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He was a middle-aged state worker who fished alone in the early mornings before work, and the evenings after, and anytime he could, and he had gone one thousand two hundred and sixty seven rod hours without a strike.
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He sat contemplating this, after dark, after two more rod hours, after fueling up the boat for the morning and putting fresh baits on salt, after thinking about her and the kids, and after ordering a Long Island iced tea. The drink had so many different things in it that he had come to regard it as dinner.
The bar was in Douglas, a short walk from both the harbor and his home, and was called Louie's, after the original owner. Louie was a local boy who had mistakenly been separated from his twin brother Harry at birth. Harry owned a bar in Manhattan. They had accidentally found each other many years later, and liked to secretly swap businesses and families for a month or two a year. They were so much alike that no one noticed but the family cats and Harry's mistress, who didn't seem to mind.
One of the regulars, known only as Bob, sat down next to him and ordered a beer.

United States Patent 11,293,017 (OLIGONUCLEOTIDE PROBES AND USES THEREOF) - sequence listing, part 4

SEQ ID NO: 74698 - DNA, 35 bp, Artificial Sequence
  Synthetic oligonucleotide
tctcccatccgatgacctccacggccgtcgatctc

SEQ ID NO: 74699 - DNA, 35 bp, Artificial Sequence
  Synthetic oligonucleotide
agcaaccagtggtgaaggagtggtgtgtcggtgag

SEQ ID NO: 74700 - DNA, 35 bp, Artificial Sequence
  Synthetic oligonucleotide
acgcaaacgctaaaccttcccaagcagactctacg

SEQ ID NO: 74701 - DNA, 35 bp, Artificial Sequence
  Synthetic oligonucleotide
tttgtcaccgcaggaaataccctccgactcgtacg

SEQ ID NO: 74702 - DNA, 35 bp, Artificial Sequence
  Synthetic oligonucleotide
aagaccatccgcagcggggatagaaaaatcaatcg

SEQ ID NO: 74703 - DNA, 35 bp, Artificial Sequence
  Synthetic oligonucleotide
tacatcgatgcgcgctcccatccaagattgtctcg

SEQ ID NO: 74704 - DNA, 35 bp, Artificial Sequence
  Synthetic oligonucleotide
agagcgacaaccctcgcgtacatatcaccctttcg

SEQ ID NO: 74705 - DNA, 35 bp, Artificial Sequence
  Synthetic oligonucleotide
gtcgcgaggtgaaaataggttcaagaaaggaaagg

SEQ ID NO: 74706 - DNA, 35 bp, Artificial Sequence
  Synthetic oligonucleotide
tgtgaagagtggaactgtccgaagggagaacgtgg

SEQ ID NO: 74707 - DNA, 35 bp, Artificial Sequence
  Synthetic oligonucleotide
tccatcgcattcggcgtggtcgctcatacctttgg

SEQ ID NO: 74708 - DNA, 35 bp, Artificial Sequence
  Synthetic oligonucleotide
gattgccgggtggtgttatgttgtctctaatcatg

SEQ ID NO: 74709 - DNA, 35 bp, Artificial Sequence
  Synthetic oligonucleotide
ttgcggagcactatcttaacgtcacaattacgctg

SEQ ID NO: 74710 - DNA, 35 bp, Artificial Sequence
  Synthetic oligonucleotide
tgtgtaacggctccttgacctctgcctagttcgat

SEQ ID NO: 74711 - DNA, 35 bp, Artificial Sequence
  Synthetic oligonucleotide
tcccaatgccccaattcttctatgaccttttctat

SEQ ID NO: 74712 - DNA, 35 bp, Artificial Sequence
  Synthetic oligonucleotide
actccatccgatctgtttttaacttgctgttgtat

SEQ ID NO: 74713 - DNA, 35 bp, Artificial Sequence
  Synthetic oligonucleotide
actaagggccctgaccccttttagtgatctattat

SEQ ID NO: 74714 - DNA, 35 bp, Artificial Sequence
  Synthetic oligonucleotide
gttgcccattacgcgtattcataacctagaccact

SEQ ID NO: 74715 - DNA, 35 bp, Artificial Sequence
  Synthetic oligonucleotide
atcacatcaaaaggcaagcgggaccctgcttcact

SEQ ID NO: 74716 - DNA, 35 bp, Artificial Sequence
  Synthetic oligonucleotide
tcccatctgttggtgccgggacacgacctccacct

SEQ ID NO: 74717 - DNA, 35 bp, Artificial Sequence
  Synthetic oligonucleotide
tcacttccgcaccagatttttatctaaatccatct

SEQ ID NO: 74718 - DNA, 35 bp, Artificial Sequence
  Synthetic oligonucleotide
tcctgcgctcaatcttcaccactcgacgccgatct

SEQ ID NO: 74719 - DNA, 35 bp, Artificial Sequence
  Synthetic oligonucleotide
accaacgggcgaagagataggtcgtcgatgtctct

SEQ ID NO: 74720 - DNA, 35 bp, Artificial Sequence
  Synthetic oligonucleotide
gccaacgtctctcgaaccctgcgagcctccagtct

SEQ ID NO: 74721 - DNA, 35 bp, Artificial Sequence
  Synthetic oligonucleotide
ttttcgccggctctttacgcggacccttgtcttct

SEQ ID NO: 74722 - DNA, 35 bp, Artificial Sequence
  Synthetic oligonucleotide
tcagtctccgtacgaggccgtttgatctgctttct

"How's the fishing" he asked.
"Oh. How's the wife?"
Bob picked up his beer and looked at him for a moment. "One out of two isn't bad," he said, and went to the other end of the bar to roll for drinks.
Editor's note: The Juneau Empire dared Southeast Alaska to get tight and take a stab at some bull, in a mock-Hemingway contest to glorify spring and the return of salmon season. The bell tolled for 28 guerillas, and the Empire's cracked team of judges deemed three bad to the groan.
She had left him, disgusted finally, in June, and had gone to Paris to be with family and to go shopping.
She was busy packing, with much resolution. "Because you are not married to me anymore. You have left me for some mythical fish! Well, just go to your fish! Besides, Paris in the springtime has better shopping than the Nugget Mall."
He had just started the kicker after lowering the salt-herring and flasher rig to exactly twenty fathoms on the downrigger. He knew that this was deep for June, but he believed in luck, and he had the optimistic, ex-commercial fisherman, middle-aged state worker feeling that his luck could change any minute. The sun was glowing on the horizon, and the sky above Dumdum was the exact color of her lingerie on their wedding night. It was a lucky color, and he felt happy. The kicker was smoking and purring erratically, as if it would quit any second, and it made him feel happier still.
He watched the rod tip bouncing with the slow climbing, almost stopping, sharp swing-down rolling action of the herring and the flasher. It was good. He wondered if Tom McGuane felt like this on his mornings off Key West. He wondered how he was going to pay the credit card bills rolling in from Paris. He looked into the morning, and waited for his luck to change.